By Richard Luthmann
Keith Raniere remains in the SHU (Special Housing Unit) at USP-Tucson, a high-security federal penitentiary. He has been in solitary confinement, or close to it, for over 400 consecutive days and over 500 days since his transfer to the facility on January 21, 2021. But the Vanguard probably won’t find legal relief soon, thanks to a recent decision by the US Supreme Court.
SCOTUS Declines to Hear SHU “Torture” Case
Deciding not to wade into the waters of whether extended and harsh solitary confinement is a constitutional violation, the Supreme Court of the United States (SCOTUS) denied a petition for a writ of certiorari submitted by Michael Johnson, a former Illinois inmate who endured solitary confinement and near-total lack of exercise for three years.
The High Court’s three liberal justices stood firmly against the court’s decision. Four justices are needed to take up an appeal. But none of the court’s six conservatives saw fit to join the liberals in hearing Johnson’s case, challenging a lower court’s dismissal of his 2016 civil rights suit. Johnson claimed his Eighth Amendment rights against cruel and unusual punishment were a constitutional transgression.
Johnson was imprisoned for a home invasion and later for assaulting an officer. Justice Ketanji Brown Jackson, joined by Justices Sonia Sotomayor and Elena Kagan, penned an eight-page dissent. They argued that the lower court misjudged the Eighth Amendment’s application to Johnson’s case.
Jackson called Johnson’s solitary confinement “unusually severe.” He was denied exercise for nearly all his three-and-a-half-year term at Pontiac Correctional Center, an Illinois state facility. His cell, too cramped for physical activity, left him confined without a chance to stretch or breathe fresh air.
Illinois Attorney General Kwame Raoul, a Democrat, urged the court to dismiss the appeal.
Now 42 and on parole, Johnson’s history of mental illness includes depression, bipolar disorder, and suicide attempts. His three and a half years at Pontiac were marked by 46 rule violations over 30 incidents, leading to “yard restrictions” — one hour of outdoor access per month. Often, Johnson claimed, even this hour was denied.
Johnson’s lawsuit detailed the toll on his health: muscle atrophy, mental breakdowns, hallucinations, self-harm, and repeated suicide watches. He sought damages, medical care, and more, arguing the Eighth Amendment’s breach by the prolonged exercise denial. A federal judge dismissed his claims, stating that no adverse health effects were proven. The Chicago-based 7th U.S. Circuit Court of Appeals agreed in 2022, ruling that yard time denial as punishment was lawful and “not trivial.”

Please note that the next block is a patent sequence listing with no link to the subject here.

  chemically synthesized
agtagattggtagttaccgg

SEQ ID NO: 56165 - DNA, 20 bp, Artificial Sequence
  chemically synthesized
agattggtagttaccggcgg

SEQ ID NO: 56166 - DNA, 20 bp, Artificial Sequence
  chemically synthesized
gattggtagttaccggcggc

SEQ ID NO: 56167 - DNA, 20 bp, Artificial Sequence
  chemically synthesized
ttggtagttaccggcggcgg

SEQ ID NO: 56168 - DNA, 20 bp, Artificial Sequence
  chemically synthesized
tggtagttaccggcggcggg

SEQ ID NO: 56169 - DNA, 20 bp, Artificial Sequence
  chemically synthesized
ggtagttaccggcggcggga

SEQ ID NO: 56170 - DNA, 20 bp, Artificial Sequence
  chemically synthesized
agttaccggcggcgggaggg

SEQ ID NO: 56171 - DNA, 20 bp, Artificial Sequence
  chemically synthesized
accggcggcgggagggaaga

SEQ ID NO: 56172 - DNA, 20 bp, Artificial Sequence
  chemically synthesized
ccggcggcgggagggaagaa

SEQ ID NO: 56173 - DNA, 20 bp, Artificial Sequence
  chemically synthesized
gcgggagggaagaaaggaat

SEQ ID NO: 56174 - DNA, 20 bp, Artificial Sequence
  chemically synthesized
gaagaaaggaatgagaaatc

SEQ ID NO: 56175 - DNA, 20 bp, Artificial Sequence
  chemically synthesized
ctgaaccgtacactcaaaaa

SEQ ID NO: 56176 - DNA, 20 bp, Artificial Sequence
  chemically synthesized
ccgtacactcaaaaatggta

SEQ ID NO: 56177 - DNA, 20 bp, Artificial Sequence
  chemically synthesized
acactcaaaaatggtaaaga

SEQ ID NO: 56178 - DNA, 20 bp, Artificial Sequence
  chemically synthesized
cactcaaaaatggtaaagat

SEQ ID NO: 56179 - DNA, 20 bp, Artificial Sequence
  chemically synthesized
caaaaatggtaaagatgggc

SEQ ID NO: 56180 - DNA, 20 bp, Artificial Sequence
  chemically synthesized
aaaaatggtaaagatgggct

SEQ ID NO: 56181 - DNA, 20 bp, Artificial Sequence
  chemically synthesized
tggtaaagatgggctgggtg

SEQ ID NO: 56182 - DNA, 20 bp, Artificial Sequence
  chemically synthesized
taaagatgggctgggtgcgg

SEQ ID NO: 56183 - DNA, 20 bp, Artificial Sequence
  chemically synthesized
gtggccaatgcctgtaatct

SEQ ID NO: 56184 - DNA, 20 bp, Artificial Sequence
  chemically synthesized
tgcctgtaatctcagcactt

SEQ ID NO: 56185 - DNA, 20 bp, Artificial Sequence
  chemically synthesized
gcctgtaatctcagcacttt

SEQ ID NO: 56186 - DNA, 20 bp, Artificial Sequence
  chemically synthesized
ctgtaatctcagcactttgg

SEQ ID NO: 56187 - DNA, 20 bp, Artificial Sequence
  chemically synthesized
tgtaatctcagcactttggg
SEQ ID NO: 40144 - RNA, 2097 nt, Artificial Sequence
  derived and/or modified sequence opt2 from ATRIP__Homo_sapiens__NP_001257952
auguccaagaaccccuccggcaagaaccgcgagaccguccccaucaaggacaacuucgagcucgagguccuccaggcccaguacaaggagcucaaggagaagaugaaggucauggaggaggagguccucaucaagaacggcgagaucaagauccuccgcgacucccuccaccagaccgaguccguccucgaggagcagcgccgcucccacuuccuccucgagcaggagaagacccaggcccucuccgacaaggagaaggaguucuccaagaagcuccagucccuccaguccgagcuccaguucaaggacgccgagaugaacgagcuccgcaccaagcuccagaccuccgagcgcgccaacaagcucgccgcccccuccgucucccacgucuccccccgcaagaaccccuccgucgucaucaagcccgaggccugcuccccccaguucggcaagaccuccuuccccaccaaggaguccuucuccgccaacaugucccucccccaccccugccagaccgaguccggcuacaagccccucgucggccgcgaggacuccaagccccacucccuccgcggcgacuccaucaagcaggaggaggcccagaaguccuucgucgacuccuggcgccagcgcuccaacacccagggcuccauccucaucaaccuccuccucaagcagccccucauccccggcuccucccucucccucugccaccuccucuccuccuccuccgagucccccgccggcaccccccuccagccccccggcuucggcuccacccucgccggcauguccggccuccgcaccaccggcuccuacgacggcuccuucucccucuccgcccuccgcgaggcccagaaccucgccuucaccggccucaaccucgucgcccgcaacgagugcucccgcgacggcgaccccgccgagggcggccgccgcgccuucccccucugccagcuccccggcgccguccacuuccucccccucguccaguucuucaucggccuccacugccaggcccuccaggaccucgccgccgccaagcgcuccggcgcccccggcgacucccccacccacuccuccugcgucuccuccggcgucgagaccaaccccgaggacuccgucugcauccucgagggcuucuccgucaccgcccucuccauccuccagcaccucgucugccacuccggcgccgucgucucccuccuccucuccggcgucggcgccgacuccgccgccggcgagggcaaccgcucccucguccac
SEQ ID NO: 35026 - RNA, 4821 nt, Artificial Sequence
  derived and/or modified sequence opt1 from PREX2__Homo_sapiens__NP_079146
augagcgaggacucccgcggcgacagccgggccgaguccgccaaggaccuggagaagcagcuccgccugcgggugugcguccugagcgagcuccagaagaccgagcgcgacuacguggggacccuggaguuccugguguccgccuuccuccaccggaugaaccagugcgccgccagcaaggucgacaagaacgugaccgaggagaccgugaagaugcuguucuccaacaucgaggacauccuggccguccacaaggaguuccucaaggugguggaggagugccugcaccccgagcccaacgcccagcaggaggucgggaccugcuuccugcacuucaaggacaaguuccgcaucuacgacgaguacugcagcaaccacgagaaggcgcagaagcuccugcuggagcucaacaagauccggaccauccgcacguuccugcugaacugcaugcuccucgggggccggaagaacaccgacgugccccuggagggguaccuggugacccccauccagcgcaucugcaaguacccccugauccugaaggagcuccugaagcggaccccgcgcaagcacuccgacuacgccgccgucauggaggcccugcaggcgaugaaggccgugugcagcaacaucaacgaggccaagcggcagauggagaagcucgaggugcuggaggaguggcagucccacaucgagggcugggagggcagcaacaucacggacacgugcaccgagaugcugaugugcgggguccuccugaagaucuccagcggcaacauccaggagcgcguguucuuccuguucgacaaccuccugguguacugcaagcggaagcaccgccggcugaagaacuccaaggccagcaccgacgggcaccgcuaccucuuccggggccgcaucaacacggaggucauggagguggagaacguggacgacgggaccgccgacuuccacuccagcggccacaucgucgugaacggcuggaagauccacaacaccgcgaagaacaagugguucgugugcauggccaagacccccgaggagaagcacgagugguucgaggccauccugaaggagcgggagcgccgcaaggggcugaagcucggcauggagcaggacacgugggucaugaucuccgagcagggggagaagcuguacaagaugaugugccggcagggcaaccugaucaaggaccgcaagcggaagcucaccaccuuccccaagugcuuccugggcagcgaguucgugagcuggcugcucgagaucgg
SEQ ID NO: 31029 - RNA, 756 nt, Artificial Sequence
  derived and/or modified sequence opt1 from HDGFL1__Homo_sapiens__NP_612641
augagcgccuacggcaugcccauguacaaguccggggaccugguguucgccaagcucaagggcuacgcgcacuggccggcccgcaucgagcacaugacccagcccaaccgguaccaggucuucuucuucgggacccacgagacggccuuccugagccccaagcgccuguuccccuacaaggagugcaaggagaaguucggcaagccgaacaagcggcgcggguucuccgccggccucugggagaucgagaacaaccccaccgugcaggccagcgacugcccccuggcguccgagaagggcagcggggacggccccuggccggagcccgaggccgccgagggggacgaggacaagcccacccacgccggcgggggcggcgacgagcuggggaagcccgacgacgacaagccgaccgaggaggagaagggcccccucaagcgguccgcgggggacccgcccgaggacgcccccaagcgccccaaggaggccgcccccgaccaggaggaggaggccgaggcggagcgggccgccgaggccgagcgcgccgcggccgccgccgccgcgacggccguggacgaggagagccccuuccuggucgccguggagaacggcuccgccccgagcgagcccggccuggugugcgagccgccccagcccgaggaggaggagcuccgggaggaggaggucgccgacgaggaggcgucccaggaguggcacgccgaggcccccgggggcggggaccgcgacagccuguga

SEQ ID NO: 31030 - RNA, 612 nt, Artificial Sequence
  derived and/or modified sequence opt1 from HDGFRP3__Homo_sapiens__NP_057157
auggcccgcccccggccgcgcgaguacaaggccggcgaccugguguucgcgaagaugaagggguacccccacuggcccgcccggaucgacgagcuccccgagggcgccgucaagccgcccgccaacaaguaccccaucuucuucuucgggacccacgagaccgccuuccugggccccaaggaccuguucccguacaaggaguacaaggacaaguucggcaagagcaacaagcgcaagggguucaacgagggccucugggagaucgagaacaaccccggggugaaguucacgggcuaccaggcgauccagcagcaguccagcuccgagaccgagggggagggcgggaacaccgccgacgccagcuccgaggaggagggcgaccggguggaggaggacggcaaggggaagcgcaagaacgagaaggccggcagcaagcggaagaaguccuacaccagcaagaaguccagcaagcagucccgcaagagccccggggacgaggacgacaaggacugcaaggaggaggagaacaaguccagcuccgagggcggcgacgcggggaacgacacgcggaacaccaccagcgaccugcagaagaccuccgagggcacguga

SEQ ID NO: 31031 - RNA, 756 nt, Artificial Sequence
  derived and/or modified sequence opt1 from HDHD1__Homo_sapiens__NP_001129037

Justice Jackson criticized the 7th Circuit’s reasoning, asserting they should’ve focused on whether the prison staff showed “deliberate indifference” to Johnson’s health or safety. She believed there was ample evidence for a jury to find the three-year deprivation of yard time resulted from such indifference.
While Johnson’s lawyers praised the liberal justices’ dissent, there is little more legally that can be done for Johnson now that SCOTUS, the appellate court of last resort, has declined to hear his case.
In light of the decision, the Vanguard might find himself similarly powerless.
Raniere’s Conditions of Confinement Have Been Cruel
The conditions in the SHU are truly barbarous, with shit-stained walls, no natural light, inedible food, no access to prison recreation or programming, no fresh air, an open toilet inches away from his bed, cruel prison guards, indifferent prison administrators, and tormenting solitude. When he does get company, it is often a confused, violent, psychopathic cellmate.
Raniere is not there voluntarily. He wants to get released back onto the prison compound. Cruel conditions aside, his placement in the SHU also affects his access to his attorneys, a constitutional right guaranteed under the Sixth Amendment.
The BOP rules do not allow inmates to remain in the SHU indefinitely unless they consent. Some prisoners, particularly rats and sex offenders, prefer to stay in segregated custody to avoid violently targeting the prison compound. They can remain in the SHU for years.
Raniere has not consented to his stay in the SHU. His continued confinement there for over a year and a half is non-voluntary and violates BOP rules. Many argue it is sadistic torture.
United Nations experts say SHU confinement exceeding 15 consecutive days is torture. The United States is a signatory to the United Nations Convention Against Torture (UNCAT).
An Uphill Legal Battle
Though previous SCOTUS decisions seem to support Raniere, the High Court’s denial of certiorari on Johnson’s case means that courts are free to apply a more deferential standard and uphold BOP and prison administrators’ decisions so long as they are based upon Raniere’s actions that are “not trivial.”